Psychological child abuse is the mental or emotional abuse of a child. With this type of abuse, the abuser does not hit or otherwise physically harm his child victim. Instead, he uses words, intimidation, manipulation, and the withholding of things the child needs or wants to abuse him. In fact, even such acts as withholding affection from a child and isolating him from those who love him can be considered child abuse. Unfortunately, psychological child abuse is often much harder to detect than abuse that is physical in nature, but many mental health experts agree that it is just as scarring.
When a child suffers psychological abuse, he won't have physical scars to show for it, but this doesn't mean that the abuse is not harming him. When a child experiences psychological abuse, he is harmed emotionally or mentally. In some cases, the abuse may even hurt his social development as well. Without physical evidence, a child is often at the mercy of his abuser for quite some time before someone notices and notifies authorities. In fact, many cases are never discovered, and some children spend their entire childhoods suffering from this type of abuse.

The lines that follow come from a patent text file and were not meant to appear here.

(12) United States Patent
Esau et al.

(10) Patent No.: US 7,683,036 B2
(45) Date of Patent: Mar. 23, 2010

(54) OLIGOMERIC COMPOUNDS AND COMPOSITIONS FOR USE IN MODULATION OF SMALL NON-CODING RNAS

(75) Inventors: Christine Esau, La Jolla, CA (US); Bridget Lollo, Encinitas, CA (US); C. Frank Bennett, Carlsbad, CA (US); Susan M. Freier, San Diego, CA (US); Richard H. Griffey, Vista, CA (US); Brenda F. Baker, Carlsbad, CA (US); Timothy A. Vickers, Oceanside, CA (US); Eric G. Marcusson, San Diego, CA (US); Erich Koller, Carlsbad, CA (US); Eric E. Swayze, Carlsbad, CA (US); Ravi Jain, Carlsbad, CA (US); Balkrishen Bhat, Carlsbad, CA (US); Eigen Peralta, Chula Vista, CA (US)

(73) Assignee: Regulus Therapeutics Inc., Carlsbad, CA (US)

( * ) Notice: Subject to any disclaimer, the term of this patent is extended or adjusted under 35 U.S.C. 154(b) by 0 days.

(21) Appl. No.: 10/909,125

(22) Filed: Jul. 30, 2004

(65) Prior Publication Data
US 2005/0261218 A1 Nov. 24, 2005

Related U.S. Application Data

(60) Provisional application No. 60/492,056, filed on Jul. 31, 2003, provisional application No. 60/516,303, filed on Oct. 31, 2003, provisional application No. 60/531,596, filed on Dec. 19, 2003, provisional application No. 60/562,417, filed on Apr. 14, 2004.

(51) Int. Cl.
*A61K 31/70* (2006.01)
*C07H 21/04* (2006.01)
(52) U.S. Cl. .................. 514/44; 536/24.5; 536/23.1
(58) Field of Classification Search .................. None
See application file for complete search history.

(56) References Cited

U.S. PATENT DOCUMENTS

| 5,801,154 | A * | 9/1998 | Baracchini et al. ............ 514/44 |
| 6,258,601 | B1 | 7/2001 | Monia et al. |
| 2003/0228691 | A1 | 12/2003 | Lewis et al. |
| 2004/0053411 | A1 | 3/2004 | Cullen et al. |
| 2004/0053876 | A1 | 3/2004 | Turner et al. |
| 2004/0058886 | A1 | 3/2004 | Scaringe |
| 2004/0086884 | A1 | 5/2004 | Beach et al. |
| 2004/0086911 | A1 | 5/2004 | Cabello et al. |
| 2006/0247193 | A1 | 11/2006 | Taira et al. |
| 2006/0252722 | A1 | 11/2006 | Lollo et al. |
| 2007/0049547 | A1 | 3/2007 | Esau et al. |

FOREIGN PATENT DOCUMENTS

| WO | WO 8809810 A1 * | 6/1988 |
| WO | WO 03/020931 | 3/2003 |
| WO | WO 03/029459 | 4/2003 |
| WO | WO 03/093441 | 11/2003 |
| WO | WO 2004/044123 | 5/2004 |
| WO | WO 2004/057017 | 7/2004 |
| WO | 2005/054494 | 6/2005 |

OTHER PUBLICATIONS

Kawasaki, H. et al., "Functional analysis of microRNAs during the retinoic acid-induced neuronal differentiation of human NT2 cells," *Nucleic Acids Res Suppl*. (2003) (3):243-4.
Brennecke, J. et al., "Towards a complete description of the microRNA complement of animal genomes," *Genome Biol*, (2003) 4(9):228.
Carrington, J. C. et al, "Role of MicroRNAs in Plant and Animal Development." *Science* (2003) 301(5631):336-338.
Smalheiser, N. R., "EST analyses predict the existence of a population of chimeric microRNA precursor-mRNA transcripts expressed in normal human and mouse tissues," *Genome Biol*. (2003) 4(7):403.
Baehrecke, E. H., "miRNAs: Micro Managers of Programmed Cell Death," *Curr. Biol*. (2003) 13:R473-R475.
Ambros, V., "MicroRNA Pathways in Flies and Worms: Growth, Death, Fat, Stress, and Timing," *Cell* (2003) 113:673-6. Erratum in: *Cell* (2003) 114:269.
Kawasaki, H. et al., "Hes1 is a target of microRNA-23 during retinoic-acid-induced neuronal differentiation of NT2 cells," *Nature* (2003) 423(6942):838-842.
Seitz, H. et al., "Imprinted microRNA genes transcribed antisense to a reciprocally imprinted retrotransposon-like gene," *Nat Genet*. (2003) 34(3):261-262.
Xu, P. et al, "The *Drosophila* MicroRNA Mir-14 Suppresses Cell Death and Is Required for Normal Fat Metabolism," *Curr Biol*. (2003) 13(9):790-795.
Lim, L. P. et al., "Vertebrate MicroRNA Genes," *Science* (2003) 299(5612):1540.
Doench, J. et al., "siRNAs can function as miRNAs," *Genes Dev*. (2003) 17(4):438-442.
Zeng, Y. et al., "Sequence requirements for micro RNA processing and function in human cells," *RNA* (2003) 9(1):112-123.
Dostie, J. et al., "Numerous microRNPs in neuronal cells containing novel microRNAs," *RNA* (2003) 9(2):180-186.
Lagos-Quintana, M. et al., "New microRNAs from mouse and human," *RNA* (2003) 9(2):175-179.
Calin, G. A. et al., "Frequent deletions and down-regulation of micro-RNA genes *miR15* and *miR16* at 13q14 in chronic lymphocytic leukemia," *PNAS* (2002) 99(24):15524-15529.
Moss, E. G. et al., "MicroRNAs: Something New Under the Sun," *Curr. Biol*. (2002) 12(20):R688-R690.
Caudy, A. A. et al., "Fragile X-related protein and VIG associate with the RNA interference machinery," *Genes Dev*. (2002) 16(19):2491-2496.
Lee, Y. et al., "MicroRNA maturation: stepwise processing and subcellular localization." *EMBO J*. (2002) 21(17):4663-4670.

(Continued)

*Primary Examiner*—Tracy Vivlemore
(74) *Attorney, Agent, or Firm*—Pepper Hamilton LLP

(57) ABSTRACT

There are many types of psychological child abuse, including verbal abuse, such as belittling and name calling; intimidation; and isolation. Bullying or threatening as well as rejecting and shaming a child are often part of this type of abuse. Likewise, withholding affection can be abusive as well. Some abusers even ignore or refuse to communicate with a child as a way to abuse him. Additionally, this type of child abuse includes encouraging a child to participate in criminal activities, take drugs, or engage in acts that are considered self-destructive.
Since there are no physical signs to indicate psychological child abuse, concerned loved ones, mental health experts, social workers, and legal authorities look for other ways to identify victims. Some symptoms that may indicate such a problem include patterns of being too aggressive or abnormally passive. Children who seem too eager to please others or behave more like adults than children may suffer from psychological or other types of child abuse. Some victims of this type of abuse also behave as if they are much younger than they really are or seem too demanding. Additionally, some may seem withdrawn or suffer delays in their physical, mental, and emotional development — even suicide attempts can point to psychological child abuse.